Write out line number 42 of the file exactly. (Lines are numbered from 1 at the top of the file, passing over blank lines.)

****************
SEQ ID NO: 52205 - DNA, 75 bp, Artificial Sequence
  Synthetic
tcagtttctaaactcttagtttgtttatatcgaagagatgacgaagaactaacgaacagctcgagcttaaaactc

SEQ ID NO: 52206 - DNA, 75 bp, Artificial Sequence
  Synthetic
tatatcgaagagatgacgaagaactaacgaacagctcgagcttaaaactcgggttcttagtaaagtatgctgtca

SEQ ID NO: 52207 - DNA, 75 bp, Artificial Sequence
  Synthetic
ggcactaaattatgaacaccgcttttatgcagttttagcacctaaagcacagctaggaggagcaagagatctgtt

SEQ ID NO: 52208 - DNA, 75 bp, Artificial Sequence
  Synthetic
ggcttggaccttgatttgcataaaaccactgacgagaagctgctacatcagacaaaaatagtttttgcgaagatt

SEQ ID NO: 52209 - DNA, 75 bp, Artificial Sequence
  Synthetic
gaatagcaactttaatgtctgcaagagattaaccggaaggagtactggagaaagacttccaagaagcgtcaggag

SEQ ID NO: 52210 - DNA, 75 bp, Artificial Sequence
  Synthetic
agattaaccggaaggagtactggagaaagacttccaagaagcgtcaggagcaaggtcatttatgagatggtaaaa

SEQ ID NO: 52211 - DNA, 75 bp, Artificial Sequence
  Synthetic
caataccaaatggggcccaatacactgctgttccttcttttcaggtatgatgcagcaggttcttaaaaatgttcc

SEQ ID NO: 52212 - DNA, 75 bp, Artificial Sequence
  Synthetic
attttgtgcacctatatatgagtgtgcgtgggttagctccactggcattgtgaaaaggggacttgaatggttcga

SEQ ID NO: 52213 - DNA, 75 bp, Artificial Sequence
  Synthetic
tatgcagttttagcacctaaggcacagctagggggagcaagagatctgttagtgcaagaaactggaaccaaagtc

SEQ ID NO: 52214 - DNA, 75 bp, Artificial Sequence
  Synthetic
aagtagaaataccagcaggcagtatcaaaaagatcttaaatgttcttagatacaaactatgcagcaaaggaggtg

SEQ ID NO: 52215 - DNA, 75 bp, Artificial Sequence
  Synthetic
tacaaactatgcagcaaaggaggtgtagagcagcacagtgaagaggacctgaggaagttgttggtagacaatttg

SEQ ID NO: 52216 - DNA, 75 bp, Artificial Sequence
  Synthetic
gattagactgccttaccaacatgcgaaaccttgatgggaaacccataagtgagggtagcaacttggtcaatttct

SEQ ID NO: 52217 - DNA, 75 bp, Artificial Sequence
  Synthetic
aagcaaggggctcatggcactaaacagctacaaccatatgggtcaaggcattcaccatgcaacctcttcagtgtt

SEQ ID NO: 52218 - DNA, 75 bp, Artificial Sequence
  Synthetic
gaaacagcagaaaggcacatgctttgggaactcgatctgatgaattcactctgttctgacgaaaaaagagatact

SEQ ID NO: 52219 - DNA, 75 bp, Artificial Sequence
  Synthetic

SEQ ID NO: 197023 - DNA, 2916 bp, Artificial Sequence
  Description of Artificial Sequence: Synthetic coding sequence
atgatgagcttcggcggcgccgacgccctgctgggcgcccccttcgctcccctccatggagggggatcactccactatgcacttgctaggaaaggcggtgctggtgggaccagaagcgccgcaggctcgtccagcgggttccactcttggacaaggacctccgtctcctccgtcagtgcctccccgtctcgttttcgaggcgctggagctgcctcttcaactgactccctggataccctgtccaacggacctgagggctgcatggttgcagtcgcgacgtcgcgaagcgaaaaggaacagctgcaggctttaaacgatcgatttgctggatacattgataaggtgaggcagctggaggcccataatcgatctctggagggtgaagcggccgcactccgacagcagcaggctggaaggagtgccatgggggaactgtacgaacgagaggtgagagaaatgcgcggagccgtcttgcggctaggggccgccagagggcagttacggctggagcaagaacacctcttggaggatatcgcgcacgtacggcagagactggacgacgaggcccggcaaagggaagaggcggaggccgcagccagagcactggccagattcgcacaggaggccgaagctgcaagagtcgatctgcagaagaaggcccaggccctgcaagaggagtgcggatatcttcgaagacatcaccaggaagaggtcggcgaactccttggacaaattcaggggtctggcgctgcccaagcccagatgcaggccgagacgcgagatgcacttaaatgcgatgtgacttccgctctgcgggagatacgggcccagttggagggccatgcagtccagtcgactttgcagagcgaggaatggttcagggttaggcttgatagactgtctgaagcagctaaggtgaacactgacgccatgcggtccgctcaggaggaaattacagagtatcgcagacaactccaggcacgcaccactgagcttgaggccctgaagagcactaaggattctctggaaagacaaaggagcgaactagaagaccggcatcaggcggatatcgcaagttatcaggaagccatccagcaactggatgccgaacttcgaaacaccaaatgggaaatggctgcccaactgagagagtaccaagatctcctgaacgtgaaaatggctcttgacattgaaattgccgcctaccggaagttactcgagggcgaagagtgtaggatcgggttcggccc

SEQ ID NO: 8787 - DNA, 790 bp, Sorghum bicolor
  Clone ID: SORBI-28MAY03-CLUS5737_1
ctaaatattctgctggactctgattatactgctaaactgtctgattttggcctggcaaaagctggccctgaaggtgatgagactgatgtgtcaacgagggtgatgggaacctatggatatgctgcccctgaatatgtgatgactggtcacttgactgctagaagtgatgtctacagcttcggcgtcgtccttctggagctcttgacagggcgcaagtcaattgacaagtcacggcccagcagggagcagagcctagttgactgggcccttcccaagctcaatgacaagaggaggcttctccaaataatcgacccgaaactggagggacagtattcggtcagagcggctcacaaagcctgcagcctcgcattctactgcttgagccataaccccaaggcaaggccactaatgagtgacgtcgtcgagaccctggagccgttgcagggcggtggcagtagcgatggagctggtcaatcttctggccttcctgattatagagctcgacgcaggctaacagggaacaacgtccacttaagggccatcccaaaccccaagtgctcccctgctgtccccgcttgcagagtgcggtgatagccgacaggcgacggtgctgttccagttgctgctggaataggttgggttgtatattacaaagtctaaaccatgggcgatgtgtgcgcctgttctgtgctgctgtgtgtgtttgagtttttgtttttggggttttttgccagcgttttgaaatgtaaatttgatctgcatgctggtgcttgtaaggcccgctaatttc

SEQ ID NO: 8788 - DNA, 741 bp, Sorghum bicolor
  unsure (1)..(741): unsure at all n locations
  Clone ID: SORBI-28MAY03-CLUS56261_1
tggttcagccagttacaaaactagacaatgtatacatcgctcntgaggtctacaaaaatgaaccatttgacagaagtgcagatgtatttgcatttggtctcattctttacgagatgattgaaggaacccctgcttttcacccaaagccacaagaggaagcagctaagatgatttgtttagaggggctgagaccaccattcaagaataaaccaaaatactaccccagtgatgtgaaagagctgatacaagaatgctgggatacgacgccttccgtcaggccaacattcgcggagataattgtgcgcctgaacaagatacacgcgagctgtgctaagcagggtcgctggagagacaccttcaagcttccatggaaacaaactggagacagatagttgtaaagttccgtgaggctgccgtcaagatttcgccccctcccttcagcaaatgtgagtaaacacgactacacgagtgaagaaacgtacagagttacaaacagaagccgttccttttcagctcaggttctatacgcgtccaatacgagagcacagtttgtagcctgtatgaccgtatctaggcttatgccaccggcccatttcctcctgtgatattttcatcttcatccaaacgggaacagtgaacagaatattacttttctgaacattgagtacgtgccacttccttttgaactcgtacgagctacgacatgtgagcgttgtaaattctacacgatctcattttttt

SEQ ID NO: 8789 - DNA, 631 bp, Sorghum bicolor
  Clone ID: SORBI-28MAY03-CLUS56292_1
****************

gaaacagcagaaaggcacatgctttgggaactcgatctgatgaattcactctgttctgacgaaaaaagagatact